The question: private or public?

A golfer carts his clubs back to his car at the Vista Valencia Golf Course on Sunday. Christian Monterrosa/ The Signal
Share on facebook
Share
Share on twitter
Tweet
Share on email
Email

We are fortunate to live in Southern California. There are so many great golf courses to play, and each one will challenge you in a unique way.

Most of the truly spectacular courses happen to be private, but there are plenty of terrific public and resort courses, as well. Based on this, I can’t help but wonder which is a better option for golfers out there — Private or public?

I believe that most golfers, if given the choice, would prefer to be a member at a private golf club.  Private courses tend to be in better condition, have nicer amenities and offer fun tournaments and social events. However, they also come at a hefty cost.

Public courses, on the other hand, are typically not as well kept, are more crowded and don’t offer the social events of a private club. However, public golf tends to be much more affordable, thus making us much more willing to compromise certain elements of the experience.

Private golf clubs tend to cater a bit more to a family lifestyle. At many clubs, you will find not only a golf course, but also tennis courts, a swimming pool and plenty of weekend party options.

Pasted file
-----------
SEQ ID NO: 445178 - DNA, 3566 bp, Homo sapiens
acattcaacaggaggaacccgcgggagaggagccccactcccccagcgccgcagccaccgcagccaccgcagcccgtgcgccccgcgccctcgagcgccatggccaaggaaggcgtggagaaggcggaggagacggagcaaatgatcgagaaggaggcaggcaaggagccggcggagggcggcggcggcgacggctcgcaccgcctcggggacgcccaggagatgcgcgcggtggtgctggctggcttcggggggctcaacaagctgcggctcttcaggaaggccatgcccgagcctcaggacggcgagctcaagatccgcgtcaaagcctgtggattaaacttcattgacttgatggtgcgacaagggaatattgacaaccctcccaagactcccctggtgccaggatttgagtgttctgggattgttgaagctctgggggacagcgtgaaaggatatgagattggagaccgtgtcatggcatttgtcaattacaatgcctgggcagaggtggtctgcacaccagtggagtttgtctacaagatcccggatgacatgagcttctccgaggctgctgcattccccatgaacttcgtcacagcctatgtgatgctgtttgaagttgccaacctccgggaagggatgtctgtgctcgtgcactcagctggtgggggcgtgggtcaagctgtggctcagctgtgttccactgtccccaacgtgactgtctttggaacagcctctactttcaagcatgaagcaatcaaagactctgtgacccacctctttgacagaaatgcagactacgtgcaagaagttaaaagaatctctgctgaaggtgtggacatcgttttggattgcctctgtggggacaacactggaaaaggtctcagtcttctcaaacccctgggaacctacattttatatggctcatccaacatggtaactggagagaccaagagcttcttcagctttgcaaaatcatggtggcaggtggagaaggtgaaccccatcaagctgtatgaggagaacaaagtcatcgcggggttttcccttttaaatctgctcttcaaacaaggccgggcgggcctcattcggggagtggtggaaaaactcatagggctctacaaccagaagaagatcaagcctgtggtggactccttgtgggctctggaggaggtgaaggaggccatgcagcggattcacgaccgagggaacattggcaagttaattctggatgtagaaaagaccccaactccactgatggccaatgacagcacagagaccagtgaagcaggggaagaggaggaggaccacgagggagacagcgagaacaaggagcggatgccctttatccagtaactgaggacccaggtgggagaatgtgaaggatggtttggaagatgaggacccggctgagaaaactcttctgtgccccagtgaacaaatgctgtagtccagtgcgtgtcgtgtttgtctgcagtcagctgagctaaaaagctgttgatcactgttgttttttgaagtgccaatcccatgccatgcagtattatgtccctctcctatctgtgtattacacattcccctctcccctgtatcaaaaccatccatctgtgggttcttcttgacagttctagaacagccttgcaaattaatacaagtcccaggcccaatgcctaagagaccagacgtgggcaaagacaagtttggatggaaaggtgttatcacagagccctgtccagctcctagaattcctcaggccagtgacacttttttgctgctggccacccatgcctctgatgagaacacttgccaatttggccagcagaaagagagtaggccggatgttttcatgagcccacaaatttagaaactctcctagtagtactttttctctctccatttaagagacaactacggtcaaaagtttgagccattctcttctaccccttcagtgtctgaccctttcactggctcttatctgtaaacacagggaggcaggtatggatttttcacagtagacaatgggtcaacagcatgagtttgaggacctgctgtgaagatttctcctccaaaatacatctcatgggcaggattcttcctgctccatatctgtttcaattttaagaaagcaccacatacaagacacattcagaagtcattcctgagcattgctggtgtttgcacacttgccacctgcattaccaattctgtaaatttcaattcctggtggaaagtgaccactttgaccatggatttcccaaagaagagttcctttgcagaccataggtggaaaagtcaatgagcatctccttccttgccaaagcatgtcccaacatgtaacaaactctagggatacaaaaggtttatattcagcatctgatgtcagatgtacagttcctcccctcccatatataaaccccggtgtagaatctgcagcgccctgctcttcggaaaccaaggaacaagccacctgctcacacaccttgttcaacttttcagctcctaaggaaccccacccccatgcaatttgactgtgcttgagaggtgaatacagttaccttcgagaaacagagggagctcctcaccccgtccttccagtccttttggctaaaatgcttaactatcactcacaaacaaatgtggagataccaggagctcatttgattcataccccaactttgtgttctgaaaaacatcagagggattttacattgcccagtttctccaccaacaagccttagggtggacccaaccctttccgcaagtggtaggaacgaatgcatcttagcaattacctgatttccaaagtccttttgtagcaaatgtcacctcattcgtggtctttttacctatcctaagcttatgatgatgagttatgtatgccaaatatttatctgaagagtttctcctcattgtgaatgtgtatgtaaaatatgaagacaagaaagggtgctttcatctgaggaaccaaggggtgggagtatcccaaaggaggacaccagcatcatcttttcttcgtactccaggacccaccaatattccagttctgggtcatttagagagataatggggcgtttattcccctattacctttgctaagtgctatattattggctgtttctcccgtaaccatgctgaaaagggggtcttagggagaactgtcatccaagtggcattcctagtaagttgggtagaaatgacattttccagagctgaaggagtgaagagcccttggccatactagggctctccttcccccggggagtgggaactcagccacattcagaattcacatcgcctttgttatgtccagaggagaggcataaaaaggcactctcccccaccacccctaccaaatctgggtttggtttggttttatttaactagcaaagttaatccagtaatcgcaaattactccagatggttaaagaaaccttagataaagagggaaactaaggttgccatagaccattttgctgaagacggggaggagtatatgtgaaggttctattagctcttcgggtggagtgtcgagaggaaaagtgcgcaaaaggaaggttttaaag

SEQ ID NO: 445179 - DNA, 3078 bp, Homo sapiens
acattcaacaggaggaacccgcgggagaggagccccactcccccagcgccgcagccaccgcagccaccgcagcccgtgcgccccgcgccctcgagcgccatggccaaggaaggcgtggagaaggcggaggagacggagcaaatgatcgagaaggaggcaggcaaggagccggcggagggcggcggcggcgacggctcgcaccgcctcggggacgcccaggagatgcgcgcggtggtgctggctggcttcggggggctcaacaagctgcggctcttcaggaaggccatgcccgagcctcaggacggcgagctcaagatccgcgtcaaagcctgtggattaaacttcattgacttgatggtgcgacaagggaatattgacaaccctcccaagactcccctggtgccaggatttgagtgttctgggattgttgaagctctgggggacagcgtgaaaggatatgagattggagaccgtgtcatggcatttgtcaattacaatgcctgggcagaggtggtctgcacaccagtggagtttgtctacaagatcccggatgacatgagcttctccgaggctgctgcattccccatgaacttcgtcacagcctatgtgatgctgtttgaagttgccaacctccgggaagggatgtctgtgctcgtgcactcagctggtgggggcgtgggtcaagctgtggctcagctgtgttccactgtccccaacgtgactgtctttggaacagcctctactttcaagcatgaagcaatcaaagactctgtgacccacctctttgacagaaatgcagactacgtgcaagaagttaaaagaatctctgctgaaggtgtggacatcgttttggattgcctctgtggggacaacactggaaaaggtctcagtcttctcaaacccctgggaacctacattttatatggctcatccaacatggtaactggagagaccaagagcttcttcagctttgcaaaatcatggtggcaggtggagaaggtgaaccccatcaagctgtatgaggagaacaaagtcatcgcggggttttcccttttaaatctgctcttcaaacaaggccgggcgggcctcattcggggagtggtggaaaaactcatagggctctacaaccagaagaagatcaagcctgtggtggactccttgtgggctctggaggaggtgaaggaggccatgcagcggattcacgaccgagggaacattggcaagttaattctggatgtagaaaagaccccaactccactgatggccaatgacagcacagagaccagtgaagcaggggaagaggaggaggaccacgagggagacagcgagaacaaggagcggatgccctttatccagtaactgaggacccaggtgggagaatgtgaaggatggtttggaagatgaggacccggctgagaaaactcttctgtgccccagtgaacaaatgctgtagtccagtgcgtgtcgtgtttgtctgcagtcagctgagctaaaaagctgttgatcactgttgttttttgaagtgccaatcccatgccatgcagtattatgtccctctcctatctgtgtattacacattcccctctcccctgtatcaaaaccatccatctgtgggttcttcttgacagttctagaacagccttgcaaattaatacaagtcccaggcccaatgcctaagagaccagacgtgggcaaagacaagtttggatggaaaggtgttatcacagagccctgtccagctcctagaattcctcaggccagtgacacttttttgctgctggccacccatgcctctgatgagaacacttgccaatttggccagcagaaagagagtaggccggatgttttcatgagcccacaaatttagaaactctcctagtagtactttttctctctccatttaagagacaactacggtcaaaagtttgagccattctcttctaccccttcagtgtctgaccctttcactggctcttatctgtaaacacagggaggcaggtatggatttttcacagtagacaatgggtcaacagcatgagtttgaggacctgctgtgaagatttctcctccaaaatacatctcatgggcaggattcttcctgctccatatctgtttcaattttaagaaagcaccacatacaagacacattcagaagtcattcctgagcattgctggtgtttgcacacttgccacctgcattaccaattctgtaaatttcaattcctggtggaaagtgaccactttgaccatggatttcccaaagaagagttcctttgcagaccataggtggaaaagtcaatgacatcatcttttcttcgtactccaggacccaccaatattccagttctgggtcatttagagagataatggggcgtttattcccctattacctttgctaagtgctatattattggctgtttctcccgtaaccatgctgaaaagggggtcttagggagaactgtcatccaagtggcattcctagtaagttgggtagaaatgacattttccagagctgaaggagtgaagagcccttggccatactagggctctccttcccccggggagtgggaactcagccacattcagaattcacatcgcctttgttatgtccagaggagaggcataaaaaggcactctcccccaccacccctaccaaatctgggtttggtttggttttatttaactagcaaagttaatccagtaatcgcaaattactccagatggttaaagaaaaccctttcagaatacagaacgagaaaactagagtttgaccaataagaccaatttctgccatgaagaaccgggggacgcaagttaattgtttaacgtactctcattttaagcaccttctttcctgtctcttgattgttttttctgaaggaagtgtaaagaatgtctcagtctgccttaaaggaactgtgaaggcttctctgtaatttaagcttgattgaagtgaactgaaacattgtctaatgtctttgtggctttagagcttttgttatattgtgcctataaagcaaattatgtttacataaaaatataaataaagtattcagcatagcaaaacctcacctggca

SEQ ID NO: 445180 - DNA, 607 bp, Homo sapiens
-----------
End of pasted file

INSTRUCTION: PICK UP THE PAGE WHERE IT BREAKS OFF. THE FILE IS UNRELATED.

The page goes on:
Public courses cater a bit more to individuals, a long list of tee times and a bar offering drink specials with a large bucket of range balls.

I can find several reasons why both of these options are good ones.

Private golf clubs create a version of what I describe as “adult day care.”  These clubs are generally made up of members who are doing well financially, and are looking to make new friends as they enter the later stages in life.

Tuesday mornings are typically open to ladies only, while Wednesday mornings are typically only for the men. You will also find plenty of couples’ golf events, and the experience can be outstanding.

Public golf is quite different.

You don’t play public golf to meet new friends, because you are usually showing up with a group of friends you have already put together. At the end of the day, rather than sitting in the bar discussing what time you want to play the next time out, you are deciding which golf course you want to play the next time out.

There is flexibility, and it can be fun to play a different golf course each week.

I have experienced both ends of this. I grew up playing on a public golf course, but I also spent over 20 years working with private golf clubs. I love them both.

When it comes to making a decision as to a private or a public golf experience, you need to ask yourself a couple of things.

“Am I happy playing the same golf course every day, and building plenty of new friendships along the way?”, or “am I happy playing different golf courses each week with the same group of friends I enjoy spending most of my time around?”

Fortunately, there is no wrong answer. Both are great options, and that is a nice problem to have.

 

 

Advertisement

Related To This Story

Latest NEWS